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    The Center Orlando: Nurturing LGBTQ+ Mental Health after the Pulse Nightclub Shooting

    Jun 26 2023

    June 12, 2023, marked the seventh anniversary of the Pulse Nightclub mass shooting in Orlando, Florida. The Center Orlando, originally founded as Gay Community Services in 1978, acted as a first responder on that night in 2016, one of the deadliest mass shootings in modern U.S. history. This month, the Center participated in a remembrance ceremony for the 49 individuals who lost their lives at the Pulse shooting: opening a safe space for survivors and ringing bells at the local church. Dr. George A. Wallace, CEO of the Center Orlando, attended the ceremony while also reckoning with the recent wave of anti-trans legislation in Florida.

    The Center Orlando, which recently received an APAF grant for advancing minority mental health, has been supporting the LGBTQ+ community in Central Florida for over 40 years. From funding name changes and gender-affirming surgeries, to providing monkeypox vaccines, they serve multiple Florida counties across four locations. The Center’s Pride Pantry, which was borne from necessity during the first wave of COVID-19, feeds hundreds of individuals each month with dry goods donated by local organizations.

    “We still need [the Pride Pantry] – the price of food and gas and rent is just going up,” said Dr. Wallace. “There are four food drives going on right now around town, and that food will probably get us through July and August. It’s amazing, right? And it’s very grassroots. We just had a refrigeration unit that was donated to us, so now we can start doing fresh vegetables. We partner with a local organization that grows vegetables, so we’re going to do some food insecurity events with them.”

    In addition to supporting physical health, the Center is the only organization in Central Florida that has a separate recovery center for LGBTQ+ mental health, case management, and trauma-informed care: the Orlando United Resiliency Services. “We're a resilient community, so that’s what we call our programming,” Dr. Wallace said. “They can knock us down, but we’re going to fight – we're going to get back up.”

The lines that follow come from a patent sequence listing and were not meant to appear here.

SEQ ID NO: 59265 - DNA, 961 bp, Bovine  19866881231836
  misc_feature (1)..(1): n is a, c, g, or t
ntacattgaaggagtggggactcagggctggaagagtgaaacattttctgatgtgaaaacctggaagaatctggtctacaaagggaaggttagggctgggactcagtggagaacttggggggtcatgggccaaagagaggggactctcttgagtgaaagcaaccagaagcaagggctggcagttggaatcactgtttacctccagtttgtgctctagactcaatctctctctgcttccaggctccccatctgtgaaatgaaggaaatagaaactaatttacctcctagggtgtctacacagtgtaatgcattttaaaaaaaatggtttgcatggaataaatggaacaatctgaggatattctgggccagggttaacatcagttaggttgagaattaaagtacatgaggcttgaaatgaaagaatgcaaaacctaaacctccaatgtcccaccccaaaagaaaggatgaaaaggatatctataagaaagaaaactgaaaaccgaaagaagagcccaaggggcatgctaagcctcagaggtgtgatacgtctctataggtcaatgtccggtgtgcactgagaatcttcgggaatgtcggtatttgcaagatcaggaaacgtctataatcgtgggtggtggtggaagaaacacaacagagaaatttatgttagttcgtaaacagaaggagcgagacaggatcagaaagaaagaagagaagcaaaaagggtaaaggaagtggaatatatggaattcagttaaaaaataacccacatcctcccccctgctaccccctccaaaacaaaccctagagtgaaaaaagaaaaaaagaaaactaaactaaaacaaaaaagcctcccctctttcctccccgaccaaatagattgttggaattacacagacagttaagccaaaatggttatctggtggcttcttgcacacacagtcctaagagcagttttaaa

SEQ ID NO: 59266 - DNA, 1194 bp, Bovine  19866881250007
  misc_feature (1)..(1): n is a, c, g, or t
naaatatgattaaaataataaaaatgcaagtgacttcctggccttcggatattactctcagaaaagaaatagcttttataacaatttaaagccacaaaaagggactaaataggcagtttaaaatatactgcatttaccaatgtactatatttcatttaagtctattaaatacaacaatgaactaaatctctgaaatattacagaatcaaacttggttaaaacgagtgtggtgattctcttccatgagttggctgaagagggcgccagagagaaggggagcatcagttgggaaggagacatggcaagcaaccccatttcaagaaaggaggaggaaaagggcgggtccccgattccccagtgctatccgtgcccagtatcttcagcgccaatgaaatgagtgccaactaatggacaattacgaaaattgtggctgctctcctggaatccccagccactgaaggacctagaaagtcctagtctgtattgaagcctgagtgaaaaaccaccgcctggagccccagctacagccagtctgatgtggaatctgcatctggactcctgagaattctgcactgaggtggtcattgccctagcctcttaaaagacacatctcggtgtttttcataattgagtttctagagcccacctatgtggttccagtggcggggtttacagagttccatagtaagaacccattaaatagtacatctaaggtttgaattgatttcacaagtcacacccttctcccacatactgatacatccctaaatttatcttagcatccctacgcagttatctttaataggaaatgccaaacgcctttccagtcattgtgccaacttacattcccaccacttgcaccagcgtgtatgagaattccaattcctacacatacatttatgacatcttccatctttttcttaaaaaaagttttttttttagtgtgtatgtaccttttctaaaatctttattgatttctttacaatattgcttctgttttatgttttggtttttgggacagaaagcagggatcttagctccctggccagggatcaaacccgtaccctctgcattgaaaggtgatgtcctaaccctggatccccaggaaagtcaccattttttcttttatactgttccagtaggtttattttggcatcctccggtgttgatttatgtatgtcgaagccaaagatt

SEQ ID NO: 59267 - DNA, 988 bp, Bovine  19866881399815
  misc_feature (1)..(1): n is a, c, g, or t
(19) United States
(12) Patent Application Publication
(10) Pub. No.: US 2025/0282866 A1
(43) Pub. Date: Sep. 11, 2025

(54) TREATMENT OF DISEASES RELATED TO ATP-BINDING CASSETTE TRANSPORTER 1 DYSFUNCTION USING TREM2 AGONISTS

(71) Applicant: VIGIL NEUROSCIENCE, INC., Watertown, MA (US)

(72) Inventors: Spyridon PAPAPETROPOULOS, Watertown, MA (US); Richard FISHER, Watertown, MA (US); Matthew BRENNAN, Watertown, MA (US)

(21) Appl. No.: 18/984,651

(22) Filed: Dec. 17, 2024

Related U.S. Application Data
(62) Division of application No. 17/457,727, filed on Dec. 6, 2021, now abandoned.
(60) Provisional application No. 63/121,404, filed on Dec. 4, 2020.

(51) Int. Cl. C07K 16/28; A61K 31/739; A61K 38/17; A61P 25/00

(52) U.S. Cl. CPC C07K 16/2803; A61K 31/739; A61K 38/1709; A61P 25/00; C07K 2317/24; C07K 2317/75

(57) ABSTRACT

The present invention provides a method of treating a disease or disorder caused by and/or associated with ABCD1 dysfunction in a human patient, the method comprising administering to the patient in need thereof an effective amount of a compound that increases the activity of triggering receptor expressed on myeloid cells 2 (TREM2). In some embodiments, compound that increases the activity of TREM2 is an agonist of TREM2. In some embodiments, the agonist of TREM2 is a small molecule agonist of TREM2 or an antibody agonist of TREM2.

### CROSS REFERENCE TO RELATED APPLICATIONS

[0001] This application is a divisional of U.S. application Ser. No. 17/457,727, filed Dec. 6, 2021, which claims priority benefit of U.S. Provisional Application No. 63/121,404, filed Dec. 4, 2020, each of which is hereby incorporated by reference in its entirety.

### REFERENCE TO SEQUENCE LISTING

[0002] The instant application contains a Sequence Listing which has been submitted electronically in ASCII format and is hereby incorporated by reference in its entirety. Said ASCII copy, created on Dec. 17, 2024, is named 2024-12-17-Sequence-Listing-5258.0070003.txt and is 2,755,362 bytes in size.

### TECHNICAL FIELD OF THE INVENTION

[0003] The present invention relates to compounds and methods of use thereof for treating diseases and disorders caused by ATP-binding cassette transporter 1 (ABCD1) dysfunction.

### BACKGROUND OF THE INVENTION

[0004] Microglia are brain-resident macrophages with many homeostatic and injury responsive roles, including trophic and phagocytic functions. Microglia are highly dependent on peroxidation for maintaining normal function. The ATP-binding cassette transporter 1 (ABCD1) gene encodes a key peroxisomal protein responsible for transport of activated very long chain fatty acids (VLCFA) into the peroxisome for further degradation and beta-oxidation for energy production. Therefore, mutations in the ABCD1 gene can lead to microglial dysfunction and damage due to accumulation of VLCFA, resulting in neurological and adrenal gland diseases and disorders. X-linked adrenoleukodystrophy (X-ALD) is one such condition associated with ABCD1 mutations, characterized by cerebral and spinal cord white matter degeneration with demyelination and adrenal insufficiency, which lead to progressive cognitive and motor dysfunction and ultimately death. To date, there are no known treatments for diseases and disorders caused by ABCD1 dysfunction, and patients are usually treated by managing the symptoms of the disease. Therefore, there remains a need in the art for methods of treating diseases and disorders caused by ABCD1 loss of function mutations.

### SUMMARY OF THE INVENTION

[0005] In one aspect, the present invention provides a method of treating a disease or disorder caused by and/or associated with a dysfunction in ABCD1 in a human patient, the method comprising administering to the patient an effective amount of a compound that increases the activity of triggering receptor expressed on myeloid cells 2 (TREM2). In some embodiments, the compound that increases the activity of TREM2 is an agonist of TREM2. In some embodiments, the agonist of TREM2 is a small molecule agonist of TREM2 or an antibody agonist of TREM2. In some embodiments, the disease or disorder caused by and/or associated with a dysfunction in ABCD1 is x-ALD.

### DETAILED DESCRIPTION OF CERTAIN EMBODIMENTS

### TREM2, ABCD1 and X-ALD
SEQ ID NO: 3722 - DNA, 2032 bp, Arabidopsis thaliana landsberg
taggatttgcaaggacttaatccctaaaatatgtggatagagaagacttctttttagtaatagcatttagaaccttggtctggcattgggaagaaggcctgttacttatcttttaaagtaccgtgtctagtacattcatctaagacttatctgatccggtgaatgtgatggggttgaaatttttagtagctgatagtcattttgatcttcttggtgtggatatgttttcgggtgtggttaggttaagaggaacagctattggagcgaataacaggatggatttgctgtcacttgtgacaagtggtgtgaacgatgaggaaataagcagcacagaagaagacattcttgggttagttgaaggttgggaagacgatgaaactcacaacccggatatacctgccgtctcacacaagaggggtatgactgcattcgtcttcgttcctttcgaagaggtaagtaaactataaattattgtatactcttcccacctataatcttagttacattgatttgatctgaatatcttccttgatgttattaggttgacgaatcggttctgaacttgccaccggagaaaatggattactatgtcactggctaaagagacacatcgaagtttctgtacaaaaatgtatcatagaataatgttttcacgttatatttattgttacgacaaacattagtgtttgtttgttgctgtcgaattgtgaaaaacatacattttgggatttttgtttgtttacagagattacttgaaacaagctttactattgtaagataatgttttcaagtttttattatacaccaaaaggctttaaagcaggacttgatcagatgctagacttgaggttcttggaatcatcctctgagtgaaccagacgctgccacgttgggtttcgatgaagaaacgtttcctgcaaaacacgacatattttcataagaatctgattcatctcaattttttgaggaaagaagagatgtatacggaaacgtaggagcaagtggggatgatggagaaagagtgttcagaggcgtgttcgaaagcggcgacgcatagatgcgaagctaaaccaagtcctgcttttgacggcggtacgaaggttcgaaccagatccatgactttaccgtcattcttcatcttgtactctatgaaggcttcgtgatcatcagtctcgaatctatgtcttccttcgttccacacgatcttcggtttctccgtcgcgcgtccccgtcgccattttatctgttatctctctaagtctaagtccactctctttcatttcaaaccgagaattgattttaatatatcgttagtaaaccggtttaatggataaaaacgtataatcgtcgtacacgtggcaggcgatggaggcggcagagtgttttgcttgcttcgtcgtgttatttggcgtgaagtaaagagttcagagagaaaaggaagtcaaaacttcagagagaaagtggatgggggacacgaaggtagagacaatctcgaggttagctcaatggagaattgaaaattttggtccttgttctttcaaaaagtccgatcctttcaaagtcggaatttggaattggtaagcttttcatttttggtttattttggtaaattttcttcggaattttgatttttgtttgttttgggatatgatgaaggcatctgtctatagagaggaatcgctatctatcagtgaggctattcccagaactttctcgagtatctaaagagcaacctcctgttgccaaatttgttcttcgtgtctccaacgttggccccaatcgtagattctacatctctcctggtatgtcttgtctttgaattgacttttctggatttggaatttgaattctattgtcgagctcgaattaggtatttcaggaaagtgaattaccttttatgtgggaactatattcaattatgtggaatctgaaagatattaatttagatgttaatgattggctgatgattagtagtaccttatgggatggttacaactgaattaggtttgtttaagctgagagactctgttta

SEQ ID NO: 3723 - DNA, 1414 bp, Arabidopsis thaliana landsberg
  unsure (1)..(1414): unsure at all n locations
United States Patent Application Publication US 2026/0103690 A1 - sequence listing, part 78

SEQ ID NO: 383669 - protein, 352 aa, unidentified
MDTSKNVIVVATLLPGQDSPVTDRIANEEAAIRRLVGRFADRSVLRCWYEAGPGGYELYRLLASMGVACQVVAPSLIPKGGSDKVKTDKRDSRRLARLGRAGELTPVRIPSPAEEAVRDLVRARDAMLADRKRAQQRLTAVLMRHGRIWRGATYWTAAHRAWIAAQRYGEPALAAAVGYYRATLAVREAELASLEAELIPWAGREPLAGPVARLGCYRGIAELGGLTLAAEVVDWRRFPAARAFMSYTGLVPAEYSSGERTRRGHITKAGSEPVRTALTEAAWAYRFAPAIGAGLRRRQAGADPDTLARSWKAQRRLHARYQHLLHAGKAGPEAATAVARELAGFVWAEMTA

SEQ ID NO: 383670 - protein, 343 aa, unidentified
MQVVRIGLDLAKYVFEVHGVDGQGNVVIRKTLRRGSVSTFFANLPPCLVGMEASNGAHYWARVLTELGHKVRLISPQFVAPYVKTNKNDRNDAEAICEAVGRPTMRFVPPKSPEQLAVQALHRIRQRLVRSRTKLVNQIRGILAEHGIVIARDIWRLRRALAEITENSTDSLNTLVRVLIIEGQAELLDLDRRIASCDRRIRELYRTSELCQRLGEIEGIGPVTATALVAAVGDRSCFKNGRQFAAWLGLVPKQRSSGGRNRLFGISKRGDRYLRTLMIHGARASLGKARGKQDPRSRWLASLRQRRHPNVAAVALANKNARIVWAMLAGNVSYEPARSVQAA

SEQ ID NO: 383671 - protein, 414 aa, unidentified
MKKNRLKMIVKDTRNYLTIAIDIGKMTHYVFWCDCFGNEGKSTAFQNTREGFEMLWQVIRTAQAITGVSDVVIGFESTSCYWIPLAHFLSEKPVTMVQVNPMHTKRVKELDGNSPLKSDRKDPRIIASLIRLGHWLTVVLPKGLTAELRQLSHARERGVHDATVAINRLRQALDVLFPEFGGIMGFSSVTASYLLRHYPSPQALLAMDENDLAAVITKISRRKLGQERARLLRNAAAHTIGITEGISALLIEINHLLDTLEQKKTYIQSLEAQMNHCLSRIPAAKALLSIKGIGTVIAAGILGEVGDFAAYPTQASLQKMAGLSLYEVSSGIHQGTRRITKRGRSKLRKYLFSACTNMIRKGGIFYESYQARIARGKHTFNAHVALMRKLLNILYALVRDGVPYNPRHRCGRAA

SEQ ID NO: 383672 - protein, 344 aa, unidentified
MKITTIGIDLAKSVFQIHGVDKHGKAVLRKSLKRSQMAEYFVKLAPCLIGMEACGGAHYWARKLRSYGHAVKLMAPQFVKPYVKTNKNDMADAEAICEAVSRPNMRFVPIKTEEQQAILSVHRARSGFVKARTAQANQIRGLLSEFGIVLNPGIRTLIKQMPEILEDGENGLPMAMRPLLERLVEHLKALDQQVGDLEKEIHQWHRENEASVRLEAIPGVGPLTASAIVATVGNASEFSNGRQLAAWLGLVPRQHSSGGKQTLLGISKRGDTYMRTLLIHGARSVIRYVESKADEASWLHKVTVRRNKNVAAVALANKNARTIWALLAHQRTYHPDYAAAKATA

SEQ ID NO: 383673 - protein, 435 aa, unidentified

The Center’s work to help families and individuals heal from trauma earned it an APAF Award for Advancing Minority Mental Health. When the Center became a 2023 award grantee, staff knew right away what the funds would be used for. “It’s going to go towards direct services for individuals who are utilizing our mental health services. The program is being revamped now, and we’re hiring a Director of Clinical Services. We'll be able to offer even more services because we’ll have a supervisor on site for interns,” said Dr. Wallace.

    LGBTQ+ individuals report higher frequency and higher severity of mental health conditions than their straight, cisgender counterparts due to the systemic prejudice they experience. When psychiatrists treat LGBTQ+ patients, “being open and accepting, respecting pronouns, just these simple things can be a world of difference, especially for our youth,” said Dr. Wallace. “They feel discredited, they’re already marginalized. This is a time where they need support. Make sure you’re being supportive and learning more about the trans community. If you don’t know a trans individual, I would encourage you to go to your local LGBT center; there are over 200 across the United States. Connect locally and continue to educate yourself on the issues that are prevalent within your community.”

    Learn more about the Awards for Advancing Minority Mental Health.